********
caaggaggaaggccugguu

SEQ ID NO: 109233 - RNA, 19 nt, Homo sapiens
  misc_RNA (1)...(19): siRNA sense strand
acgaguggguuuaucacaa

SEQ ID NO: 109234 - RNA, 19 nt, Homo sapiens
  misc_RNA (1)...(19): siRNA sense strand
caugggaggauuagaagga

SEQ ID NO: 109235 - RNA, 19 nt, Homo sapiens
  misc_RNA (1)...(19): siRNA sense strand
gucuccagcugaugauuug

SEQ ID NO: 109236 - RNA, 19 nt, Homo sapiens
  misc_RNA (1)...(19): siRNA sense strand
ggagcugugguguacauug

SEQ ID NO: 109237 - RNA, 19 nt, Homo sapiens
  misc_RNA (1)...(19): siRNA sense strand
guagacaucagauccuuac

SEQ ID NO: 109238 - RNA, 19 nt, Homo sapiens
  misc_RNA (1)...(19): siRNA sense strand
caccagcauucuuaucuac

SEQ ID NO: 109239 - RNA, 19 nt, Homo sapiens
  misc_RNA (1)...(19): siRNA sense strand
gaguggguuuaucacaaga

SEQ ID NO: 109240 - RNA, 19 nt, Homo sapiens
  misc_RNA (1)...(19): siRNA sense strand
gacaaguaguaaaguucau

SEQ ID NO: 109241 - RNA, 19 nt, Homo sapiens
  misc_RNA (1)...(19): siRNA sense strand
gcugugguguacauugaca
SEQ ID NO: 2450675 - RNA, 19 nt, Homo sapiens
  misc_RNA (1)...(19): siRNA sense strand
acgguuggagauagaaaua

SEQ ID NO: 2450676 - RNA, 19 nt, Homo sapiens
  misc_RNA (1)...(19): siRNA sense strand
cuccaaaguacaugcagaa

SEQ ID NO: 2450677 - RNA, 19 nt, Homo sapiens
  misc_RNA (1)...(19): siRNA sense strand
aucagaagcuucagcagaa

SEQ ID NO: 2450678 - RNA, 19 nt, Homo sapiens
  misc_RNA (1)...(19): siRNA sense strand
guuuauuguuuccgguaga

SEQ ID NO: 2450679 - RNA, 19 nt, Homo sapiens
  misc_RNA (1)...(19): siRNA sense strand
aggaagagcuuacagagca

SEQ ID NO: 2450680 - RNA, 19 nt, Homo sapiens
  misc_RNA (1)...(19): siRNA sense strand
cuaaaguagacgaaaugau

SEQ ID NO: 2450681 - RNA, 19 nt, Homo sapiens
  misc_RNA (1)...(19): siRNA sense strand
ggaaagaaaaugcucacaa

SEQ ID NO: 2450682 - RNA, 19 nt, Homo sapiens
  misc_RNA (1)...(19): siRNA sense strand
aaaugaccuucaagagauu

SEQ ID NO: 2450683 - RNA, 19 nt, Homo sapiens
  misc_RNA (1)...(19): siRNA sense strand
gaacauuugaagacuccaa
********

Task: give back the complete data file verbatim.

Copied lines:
caaggaggaaggccugguu

SEQ ID NO: 109233 - RNA, 19 nt, Homo sapiens
  misc_RNA (1)...(19): siRNA sense strand
acgaguggguuuaucacaa

SEQ ID NO: 109234 - RNA, 19 nt, Homo sapiens
  misc_RNA (1)...(19): siRNA sense strand
caugggaggauuagaagga

SEQ ID NO: 109235 - RNA, 19 nt, Homo sapiens
  misc_RNA (1)...(19): siRNA sense strand
gucuccagcugaugauuug

SEQ ID NO: 109236 - RNA, 19 nt, Homo sapiens
  misc_RNA (1)...(19): siRNA sense strand
ggagcugugguguacauug

SEQ ID NO: 109237 - RNA, 19 nt, Homo sapiens
  misc_RNA (1)...(19): siRNA sense strand
guagacaucagauccuuac

SEQ ID NO: 109238 - RNA, 19 nt, Homo sapiens
  misc_RNA (1)...(19): siRNA sense strand
caccagcauucuuaucuac

SEQ ID NO: 109239 - RNA, 19 nt, Homo sapiens
  misc_RNA (1)...(19): siRNA sense strand
gaguggguuuaucacaaga

SEQ ID NO: 109240 - RNA, 19 nt, Homo sapiens
  misc_RNA (1)...(19): siRNA sense strand
gacaaguaguaaaguucau

SEQ ID NO: 109241 - RNA, 19 nt, Homo sapiens
  misc_RNA (1)...(19): siRNA sense strand
gcugugguguacauugaca
SEQ ID NO: 2450675 - RNA, 19 nt, Homo sapiens
  misc_RNA (1)...(19): siRNA sense strand
acgguuggagauagaaaua

SEQ ID NO: 2450676 - RNA, 19 nt, Homo sapiens
  misc_RNA (1)...(19): siRNA sense strand
cuccaaaguacaugcagaa

SEQ ID NO: 2450677 - RNA, 19 nt, Homo sapiens
  misc_RNA (1)...(19): siRNA sense strand
aucagaagcuucagcagaa

SEQ ID NO: 2450678 - RNA, 19 nt, Homo sapiens
  misc_RNA (1)...(19): siRNA sense strand
guuuauuguuuccgguaga

SEQ ID NO: 2450679 - RNA, 19 nt, Homo sapiens
  misc_RNA (1)...(19): siRNA sense strand
aggaagagcuuacagagca

SEQ ID NO: 2450680 - RNA, 19 nt, Homo sapiens
  misc_RNA (1)...(19): siRNA sense strand
cuaaaguagacgaaaugau

SEQ ID NO: 2450681 - RNA, 19 nt, Homo sapiens
  misc_RNA (1)...(19): siRNA sense strand
ggaaagaaaaugcucacaa

SEQ ID NO: 2450682 - RNA, 19 nt, Homo sapiens
  misc_RNA (1)...(19): siRNA sense strand
aaaugaccuucaagagauu

SEQ ID NO: 2450683 - RNA, 19 nt, Homo sapiens
  misc_RNA (1)...(19): siRNA sense strand
gaacauuugaagacuccaa